Seizures: Desipramine can increase the risk of seizures. If you have a history of epilepsy or medical conditions that increase the risk of seizures, discuss with your doctor how this medication may affect your medical condition, how your medical condition may affect the dosing and effectiveness of this medication, and whether any special monitoring is needed.

Serotonin syndrome: Severe reactions are possible when naratriptan is combined with other medications that act on serotonin, such as serotonin reuptake inhibitors, medications used to treat depression. These combinations must be avoided. Symptoms of a reaction may include muscle rigidity and spasms, difficulty moving, or changes in mental state, including delirium and agitation. Coma and death are possible.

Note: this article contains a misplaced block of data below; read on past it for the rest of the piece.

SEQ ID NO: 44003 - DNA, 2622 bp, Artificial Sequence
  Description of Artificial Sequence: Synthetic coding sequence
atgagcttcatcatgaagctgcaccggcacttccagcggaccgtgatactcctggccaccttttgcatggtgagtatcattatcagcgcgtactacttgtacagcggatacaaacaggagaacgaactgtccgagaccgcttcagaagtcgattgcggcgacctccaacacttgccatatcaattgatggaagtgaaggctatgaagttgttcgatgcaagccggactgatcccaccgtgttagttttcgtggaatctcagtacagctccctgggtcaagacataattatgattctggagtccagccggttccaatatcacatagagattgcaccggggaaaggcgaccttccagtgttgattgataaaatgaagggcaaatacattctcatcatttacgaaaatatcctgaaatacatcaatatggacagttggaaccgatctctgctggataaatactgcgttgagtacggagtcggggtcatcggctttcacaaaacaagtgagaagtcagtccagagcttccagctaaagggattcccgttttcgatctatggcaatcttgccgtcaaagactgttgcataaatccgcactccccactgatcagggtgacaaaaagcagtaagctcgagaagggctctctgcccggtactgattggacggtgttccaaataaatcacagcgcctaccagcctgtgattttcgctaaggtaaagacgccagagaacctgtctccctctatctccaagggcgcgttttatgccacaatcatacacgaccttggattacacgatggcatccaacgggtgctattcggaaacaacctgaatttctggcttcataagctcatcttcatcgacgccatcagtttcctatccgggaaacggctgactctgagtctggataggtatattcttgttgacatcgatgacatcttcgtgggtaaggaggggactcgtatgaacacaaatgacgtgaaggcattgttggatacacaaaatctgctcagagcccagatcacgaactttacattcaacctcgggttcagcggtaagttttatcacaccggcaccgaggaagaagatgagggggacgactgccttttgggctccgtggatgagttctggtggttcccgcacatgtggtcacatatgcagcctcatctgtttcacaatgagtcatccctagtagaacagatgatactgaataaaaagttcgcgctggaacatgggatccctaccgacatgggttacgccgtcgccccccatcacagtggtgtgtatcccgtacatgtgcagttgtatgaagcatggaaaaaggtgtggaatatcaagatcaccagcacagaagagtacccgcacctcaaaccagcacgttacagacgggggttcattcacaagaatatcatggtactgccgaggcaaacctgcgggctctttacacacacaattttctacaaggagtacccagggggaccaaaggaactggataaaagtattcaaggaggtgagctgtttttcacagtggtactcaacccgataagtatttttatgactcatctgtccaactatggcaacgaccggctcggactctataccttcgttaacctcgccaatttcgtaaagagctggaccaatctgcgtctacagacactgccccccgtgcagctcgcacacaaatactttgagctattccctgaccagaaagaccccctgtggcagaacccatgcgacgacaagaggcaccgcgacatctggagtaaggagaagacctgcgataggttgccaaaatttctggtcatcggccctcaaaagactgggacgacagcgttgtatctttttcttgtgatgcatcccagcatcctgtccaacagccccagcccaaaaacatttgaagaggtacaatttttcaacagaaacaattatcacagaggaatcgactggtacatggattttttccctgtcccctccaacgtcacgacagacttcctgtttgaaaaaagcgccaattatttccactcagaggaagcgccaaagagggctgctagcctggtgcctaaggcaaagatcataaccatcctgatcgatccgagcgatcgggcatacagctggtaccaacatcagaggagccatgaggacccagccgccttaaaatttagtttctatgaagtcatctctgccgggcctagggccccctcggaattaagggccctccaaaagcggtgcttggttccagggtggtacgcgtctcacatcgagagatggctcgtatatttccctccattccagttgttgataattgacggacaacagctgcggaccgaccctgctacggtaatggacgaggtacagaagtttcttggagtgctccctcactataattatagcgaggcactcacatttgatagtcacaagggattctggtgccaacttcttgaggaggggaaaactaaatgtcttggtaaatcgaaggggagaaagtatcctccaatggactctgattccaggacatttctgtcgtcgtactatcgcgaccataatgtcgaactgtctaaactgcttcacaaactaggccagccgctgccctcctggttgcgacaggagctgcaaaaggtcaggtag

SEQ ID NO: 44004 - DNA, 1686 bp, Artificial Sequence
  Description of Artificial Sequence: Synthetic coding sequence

Thyroid disease: People taking medication to treat thyroid problems may be more at risk of heart problems, such as irregular heart rhythms. If you have a history of thyroid disease, discuss with your doctor how this medication may affect your medical condition, how your medical condition may affect the dosing and effectiveness of this medication, and whether any special monitoring is needed.

Urinary problems: This medication can affect urinary tract function. It may cause difficulty starting urine flow, completely emptying the bladder, or contribute to incontinence (urine leakage). If you have a history of urinary  problems, discuss with your doctor how this medication may affect your medical condition, how your medical condition may affect the dosing and effectiveness of this medication, and whether any special monitoring is needed.